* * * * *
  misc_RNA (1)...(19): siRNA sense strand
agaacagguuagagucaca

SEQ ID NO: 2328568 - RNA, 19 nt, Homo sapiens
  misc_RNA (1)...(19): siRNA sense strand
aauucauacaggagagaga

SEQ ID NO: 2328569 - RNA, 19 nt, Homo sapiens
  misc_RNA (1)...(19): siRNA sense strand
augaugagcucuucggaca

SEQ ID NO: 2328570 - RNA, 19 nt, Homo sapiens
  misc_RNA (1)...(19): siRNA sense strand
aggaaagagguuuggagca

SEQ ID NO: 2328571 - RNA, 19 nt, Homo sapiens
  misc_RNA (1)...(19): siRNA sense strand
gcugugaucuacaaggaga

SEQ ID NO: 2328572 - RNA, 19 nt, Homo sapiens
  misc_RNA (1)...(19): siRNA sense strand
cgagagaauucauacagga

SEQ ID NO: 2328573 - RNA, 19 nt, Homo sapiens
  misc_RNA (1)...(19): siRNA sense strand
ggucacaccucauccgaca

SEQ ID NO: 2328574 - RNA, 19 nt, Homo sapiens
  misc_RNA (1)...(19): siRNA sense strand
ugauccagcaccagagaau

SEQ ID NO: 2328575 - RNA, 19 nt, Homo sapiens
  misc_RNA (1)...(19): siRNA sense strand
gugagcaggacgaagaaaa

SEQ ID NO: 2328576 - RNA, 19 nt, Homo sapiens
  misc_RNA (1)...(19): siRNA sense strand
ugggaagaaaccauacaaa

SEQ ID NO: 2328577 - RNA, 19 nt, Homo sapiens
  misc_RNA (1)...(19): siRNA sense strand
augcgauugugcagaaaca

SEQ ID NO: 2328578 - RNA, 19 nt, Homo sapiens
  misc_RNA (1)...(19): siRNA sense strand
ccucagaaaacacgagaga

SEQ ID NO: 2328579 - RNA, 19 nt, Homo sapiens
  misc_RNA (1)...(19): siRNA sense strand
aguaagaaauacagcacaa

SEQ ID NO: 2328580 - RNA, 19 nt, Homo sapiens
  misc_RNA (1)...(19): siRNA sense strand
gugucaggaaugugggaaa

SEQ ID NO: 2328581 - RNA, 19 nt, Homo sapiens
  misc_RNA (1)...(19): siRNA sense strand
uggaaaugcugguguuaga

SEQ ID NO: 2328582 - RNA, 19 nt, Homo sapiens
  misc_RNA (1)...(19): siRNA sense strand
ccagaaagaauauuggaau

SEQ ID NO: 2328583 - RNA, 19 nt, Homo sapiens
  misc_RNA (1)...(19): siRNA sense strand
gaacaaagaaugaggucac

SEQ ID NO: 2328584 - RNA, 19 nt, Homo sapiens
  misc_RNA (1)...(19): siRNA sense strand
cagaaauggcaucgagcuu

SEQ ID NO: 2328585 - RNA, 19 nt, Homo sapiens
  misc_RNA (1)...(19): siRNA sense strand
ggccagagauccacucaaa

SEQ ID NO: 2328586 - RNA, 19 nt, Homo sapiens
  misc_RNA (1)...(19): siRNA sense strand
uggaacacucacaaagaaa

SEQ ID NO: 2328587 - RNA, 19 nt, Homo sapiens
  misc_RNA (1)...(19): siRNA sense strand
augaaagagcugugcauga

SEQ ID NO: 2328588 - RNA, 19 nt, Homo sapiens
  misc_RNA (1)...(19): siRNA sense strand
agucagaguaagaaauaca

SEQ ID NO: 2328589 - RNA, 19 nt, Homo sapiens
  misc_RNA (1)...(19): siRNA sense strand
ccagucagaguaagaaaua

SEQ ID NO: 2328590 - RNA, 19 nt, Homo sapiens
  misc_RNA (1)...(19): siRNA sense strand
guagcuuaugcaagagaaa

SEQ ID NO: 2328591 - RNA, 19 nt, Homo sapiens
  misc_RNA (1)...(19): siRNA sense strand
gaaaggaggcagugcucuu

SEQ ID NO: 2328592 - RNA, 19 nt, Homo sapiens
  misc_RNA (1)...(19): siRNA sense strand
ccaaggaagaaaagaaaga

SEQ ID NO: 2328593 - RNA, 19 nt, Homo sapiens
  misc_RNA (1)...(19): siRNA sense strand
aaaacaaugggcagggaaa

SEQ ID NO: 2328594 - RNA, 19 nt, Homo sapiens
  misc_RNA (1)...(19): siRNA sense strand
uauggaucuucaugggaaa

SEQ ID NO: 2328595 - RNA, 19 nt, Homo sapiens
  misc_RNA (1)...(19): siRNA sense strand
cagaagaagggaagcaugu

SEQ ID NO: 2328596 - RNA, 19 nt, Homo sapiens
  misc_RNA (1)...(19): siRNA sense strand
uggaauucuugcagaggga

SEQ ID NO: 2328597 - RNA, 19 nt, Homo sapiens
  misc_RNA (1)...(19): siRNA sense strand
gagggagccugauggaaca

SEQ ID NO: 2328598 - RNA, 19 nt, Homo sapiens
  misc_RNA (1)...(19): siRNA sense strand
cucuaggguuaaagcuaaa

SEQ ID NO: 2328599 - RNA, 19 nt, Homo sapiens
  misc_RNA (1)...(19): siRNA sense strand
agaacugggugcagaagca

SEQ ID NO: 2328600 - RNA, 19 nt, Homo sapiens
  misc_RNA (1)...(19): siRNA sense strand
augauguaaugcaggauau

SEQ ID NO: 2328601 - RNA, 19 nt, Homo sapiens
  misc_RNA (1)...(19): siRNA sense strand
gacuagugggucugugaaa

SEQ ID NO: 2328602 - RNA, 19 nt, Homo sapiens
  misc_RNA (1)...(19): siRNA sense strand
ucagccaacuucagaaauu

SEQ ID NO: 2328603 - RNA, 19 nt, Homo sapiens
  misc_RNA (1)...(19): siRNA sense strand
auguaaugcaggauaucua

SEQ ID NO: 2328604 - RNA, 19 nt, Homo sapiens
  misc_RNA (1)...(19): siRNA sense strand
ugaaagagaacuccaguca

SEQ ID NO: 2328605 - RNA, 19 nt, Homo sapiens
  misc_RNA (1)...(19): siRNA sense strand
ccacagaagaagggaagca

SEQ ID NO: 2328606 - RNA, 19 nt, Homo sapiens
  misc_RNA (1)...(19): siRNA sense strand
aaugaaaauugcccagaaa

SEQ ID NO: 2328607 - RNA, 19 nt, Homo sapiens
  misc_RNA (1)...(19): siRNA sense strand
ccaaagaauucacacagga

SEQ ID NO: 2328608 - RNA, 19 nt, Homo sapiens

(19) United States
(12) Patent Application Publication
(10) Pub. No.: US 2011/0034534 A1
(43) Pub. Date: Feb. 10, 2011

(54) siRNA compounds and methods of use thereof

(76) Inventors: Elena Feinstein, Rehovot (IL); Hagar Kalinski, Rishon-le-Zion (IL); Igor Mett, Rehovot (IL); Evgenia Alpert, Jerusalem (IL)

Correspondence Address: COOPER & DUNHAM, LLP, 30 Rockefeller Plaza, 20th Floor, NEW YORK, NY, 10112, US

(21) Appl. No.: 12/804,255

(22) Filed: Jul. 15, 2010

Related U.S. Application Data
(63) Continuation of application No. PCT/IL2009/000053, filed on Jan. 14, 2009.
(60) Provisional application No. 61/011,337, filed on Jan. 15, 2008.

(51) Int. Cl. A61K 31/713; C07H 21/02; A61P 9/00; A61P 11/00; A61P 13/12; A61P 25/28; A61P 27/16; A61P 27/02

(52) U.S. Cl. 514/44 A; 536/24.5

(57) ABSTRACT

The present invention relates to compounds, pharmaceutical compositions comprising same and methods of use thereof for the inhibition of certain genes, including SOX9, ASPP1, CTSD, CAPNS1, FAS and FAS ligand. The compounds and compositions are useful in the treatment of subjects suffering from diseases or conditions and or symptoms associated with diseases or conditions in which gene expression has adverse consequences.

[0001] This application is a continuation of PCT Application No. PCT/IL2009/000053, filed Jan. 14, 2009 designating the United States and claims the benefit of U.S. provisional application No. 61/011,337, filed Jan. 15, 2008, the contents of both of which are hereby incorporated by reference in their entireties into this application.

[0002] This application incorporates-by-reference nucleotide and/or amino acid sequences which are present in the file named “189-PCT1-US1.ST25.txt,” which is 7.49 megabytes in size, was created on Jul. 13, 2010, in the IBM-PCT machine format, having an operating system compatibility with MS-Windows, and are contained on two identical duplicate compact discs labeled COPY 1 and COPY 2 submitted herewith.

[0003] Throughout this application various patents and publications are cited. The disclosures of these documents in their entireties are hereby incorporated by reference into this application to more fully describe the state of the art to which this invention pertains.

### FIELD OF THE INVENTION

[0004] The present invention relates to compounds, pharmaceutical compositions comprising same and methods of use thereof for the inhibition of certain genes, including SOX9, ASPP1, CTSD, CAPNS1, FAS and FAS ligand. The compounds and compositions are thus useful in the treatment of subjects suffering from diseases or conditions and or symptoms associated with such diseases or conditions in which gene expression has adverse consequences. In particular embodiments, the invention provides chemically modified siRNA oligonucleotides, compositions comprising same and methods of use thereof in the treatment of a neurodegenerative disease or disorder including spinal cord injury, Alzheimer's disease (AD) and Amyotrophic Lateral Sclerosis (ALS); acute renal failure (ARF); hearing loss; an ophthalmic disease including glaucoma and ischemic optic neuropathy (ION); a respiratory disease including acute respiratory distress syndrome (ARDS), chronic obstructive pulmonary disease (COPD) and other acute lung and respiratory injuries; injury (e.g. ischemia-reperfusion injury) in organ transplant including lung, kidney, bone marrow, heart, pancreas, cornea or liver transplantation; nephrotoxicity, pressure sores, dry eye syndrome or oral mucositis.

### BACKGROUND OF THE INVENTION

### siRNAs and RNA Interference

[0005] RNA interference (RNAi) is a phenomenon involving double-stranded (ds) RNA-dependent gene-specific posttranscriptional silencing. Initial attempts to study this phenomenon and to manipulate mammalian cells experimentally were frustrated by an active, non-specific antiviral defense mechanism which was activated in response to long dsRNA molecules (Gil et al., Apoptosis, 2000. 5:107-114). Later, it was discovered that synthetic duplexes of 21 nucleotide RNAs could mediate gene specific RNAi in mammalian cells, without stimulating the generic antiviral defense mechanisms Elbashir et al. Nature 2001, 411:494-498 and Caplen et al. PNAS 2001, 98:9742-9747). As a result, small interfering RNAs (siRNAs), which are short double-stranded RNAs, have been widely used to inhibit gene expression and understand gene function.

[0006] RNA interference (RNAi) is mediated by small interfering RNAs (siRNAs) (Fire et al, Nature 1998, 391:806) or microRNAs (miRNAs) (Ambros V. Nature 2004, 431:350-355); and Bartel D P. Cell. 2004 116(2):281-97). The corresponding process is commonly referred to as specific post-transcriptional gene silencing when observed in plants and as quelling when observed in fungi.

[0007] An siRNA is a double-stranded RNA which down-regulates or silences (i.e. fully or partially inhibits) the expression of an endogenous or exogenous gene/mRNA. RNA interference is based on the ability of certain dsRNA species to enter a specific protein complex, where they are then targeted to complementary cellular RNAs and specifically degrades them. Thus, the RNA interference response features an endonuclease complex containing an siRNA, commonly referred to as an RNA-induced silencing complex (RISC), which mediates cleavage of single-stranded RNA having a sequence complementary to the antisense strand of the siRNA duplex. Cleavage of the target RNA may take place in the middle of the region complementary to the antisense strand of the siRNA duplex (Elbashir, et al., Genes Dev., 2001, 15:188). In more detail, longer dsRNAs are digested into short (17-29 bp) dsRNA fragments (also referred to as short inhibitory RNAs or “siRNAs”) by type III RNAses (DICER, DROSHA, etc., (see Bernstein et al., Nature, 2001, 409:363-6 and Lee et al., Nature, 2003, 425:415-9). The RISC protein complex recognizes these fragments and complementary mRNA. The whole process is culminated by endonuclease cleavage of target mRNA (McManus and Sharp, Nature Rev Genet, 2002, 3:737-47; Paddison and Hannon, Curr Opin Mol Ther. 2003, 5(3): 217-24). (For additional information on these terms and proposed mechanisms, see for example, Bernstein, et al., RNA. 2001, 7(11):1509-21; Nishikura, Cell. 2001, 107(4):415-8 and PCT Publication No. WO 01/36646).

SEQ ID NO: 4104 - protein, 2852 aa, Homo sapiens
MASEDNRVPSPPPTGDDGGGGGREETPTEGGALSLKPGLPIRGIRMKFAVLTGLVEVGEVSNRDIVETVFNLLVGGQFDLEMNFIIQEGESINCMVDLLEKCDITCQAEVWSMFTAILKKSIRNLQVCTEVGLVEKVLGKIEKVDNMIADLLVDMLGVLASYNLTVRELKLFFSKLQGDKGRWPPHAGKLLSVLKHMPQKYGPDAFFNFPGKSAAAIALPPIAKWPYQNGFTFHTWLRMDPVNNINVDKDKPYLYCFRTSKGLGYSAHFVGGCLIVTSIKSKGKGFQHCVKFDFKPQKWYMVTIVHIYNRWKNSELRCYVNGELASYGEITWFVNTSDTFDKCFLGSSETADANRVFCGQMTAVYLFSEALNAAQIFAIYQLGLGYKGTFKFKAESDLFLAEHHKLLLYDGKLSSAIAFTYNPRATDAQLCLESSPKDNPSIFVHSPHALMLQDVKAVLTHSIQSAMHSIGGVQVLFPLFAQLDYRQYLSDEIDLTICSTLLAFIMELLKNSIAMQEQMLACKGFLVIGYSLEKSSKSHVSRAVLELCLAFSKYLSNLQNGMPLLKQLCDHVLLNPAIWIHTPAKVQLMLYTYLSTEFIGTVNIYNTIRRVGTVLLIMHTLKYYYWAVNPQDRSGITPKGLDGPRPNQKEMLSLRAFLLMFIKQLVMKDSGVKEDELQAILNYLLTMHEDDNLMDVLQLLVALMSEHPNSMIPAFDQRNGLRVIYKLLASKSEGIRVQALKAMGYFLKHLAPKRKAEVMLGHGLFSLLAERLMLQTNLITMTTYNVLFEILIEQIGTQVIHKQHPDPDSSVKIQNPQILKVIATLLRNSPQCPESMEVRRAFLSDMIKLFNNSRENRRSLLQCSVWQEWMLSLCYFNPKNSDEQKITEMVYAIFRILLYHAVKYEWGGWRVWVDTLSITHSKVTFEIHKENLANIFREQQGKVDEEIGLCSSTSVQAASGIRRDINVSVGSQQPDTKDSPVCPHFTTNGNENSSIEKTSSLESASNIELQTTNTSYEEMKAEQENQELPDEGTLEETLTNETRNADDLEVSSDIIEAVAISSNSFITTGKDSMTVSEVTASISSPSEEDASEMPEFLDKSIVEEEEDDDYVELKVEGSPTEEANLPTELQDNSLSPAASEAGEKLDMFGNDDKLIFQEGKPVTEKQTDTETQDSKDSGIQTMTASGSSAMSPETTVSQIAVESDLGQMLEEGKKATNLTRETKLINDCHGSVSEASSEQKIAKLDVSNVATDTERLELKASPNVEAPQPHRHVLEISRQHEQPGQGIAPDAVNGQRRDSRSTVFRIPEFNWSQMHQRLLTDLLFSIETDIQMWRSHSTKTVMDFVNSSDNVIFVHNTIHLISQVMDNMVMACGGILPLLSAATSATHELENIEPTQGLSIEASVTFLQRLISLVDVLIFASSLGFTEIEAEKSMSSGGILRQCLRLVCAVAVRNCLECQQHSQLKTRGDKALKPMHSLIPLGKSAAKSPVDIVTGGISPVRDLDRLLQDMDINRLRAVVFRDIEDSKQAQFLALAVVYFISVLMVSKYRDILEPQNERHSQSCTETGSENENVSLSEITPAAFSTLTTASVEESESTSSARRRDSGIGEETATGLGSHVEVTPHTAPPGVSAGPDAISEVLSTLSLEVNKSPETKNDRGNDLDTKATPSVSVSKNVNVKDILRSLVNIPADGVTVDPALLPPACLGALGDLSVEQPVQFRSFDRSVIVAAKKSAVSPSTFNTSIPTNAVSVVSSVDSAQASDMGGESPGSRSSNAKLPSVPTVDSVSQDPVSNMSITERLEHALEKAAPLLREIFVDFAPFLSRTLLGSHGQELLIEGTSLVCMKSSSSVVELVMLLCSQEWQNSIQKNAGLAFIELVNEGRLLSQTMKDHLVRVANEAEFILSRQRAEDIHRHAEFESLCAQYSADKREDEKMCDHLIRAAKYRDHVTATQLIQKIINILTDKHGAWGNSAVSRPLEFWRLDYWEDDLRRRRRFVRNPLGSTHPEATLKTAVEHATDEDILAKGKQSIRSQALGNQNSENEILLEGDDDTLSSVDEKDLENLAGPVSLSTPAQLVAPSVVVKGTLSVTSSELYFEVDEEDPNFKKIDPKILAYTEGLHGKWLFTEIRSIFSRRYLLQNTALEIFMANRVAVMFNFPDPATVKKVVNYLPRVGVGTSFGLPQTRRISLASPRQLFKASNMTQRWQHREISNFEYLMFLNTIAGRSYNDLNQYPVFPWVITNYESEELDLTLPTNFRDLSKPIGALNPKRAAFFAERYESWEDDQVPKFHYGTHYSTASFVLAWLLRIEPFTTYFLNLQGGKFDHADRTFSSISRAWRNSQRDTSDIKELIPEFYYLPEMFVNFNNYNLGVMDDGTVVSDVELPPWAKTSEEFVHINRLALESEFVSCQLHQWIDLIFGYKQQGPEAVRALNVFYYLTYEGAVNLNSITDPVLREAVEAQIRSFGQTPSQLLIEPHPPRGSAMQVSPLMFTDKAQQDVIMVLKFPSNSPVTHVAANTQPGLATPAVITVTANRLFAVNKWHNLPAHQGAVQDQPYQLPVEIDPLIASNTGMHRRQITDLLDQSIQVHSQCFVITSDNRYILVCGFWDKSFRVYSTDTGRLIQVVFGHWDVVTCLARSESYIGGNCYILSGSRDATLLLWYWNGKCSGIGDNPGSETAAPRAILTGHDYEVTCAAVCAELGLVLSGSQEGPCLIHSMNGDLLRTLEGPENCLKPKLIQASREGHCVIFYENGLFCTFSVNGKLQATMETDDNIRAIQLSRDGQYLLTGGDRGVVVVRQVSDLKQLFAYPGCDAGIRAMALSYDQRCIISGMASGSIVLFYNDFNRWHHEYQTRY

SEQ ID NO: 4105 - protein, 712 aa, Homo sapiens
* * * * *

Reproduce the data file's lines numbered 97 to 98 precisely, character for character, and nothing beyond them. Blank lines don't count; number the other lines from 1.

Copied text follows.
  misc_RNA (1)...(19): siRNA sense strand
agaacugggugcagaagca